The use of trunks or branches of trees in their entirety can accentuate their innate mechanical properties for structural stability. By embracing the grain structure and longitudinal fibers of timber, these wood pieces demonstrate strong mechanical resistance. Some engineering companies, such as Whole Trees, and architectural research institutes, such as the Architectural Association postgraduate program Design + Make, have explored different prospects of timber natural forms as columns, beams, trusses, rafters, and more. They seek to revitalize “cull trees,” or trees that do not contain a merchantable sawlog due to poor form, quality, or undesirable species.
Over time, the company has developed a system for examining the structural, sculptural, and sustainable viability of timber logs. They use a 3D-scanning system called Lidar to create digital models of the trees. By analyzing this data on their structural performance, they collaborate with architects and other building professionals to actualize these timber forms in designs. One of their projects, the Maharishi University Sustainable Living Center in Fairfield, Iowa, utilized timber logs transformed into columns, beams, and structural arches within a contemporary design.
The Design + Make program explores architectural design at the point of physical production. With a campus located in a 142-hectare woodland in South West England, the educational scheme was aimed to research, demonstrate and teach the better use of forest produce around them. They integrate emerging tools, such as 3D scanning, generative modeling, and robotic fabrication, enabling feedback between the designer and the material properties of timber logs.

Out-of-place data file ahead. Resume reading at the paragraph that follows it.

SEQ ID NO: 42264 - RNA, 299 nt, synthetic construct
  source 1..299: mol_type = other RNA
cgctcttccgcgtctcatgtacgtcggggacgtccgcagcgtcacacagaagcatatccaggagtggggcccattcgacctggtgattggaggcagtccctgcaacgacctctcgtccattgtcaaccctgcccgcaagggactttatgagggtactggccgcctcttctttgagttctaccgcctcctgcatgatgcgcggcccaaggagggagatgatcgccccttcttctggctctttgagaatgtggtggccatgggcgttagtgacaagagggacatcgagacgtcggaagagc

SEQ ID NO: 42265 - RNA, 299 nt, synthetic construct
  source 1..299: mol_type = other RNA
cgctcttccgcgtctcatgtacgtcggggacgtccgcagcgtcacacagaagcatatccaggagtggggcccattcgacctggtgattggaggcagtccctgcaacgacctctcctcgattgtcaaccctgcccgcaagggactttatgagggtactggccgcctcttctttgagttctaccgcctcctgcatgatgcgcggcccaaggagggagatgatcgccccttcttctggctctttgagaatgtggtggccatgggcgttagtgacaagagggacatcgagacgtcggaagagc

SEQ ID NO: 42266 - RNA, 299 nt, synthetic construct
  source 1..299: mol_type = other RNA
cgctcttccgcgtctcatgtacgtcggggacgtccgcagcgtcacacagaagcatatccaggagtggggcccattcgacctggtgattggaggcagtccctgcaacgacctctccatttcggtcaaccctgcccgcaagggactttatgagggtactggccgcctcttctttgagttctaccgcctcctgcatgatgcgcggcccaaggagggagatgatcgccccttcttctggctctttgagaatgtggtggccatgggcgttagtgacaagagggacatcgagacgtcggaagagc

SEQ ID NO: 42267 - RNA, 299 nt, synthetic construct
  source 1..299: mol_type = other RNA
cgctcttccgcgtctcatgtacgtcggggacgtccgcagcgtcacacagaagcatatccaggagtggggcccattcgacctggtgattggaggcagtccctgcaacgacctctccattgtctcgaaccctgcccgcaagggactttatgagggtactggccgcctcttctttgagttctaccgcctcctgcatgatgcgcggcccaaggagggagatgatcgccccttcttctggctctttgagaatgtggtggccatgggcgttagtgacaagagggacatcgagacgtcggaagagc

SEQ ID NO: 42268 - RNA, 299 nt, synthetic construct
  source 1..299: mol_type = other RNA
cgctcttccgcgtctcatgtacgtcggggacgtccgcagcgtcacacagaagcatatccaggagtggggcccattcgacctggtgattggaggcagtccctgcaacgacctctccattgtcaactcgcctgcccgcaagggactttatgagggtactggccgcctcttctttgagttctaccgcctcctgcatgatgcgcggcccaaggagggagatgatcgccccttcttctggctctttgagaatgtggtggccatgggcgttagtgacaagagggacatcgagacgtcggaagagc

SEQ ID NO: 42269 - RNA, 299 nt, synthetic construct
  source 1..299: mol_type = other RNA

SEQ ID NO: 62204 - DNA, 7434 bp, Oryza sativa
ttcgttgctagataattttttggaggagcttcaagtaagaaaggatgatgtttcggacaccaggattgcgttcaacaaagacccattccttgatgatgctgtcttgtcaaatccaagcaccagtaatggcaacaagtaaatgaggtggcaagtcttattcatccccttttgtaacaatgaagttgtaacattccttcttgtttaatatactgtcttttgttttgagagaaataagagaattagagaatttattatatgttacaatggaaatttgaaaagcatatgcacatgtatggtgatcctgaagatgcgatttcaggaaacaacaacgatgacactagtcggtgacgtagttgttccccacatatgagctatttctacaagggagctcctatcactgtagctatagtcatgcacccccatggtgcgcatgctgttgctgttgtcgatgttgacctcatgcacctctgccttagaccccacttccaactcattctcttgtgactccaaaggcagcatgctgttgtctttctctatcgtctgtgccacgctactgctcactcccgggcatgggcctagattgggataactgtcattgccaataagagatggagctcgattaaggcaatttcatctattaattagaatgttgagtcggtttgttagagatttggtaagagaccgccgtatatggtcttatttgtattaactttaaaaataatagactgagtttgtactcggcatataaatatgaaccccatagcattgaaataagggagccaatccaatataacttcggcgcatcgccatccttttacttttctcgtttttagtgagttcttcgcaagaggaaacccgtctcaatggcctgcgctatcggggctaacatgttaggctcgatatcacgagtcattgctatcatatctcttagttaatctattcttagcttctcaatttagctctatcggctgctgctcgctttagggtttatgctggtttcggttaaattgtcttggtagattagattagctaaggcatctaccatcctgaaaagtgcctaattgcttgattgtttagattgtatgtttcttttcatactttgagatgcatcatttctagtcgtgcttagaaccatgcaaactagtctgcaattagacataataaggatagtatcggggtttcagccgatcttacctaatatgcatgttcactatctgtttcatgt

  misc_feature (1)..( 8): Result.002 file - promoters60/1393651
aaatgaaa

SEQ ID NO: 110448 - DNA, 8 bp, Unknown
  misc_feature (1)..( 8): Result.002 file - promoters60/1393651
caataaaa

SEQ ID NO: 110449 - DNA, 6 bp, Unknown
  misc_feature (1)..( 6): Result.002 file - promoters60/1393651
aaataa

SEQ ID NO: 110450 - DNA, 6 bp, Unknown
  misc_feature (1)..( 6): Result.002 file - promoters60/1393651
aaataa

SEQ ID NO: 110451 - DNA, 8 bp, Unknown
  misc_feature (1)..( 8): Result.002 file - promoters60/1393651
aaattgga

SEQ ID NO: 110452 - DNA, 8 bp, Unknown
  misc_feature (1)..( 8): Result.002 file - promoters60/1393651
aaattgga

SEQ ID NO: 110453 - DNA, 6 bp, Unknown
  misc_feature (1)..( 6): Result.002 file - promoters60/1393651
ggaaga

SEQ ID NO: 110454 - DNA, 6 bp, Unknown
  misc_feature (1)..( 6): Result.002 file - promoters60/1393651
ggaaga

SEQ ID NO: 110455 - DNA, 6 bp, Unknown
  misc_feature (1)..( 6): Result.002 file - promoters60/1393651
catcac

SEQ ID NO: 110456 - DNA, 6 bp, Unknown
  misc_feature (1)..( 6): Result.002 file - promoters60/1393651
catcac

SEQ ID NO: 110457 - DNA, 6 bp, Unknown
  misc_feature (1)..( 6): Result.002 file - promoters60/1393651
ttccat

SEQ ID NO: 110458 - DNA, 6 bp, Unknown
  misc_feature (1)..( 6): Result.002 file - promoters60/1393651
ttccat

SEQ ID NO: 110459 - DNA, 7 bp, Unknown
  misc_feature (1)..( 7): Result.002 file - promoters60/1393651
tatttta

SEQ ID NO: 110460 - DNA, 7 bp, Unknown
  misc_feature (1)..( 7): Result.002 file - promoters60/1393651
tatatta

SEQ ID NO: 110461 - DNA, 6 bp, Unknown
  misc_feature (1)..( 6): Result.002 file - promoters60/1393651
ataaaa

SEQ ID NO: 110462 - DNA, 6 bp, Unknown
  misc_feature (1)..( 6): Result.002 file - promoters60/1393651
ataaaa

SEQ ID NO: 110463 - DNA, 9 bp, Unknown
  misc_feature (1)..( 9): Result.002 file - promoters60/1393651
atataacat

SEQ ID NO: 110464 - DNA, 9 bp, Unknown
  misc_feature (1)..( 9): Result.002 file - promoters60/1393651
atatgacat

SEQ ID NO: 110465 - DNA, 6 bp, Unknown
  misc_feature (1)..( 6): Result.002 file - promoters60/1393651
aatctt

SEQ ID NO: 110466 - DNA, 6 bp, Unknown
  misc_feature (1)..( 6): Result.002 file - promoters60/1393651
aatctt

In a project titled Wood Chirp Barn, a team of 5 students designed and built a curvilinear shed structure with natural timber forms. The roof structure is made from 25 forked beech branches that were 3D scanned to determine the arrangement and milled to form interlinking connections with a robotic arm. Through design and technology, the team explored how the inherent form and structural capacity of the natural tree can be transferred and exploited within a complex truss structure.
Caitlin Mueller, of Massachusetts Institute of Technology, leads a research team that is exploring a new approach for architects to use discarded natural tree forks as load-bearing joints in their structures. The team focuses on the spots where the trunk or branch of a tree divides in two, forming a Y-shaped piece. Caitlin notes that a cross-section of a tree fork reveals an unbelievable network of fibers that intertwine to create these often three-dimensional load transfer points in a tree. She points out that y-shaped nodes can exist in architecture, and through design, nodes where straight elements come together can work as cantilevers, like in trees. While natural timber craft is mostly employed for decorative purposes, Caitlin’s team hopes to make it possible to use wood in structural roles without compromising its natural geometry and internal grain structure, through computational tools.
Expanding the prospects of natural timber forms in architecture not only creates unique structures but also contributes to a sustainable environmental impact.
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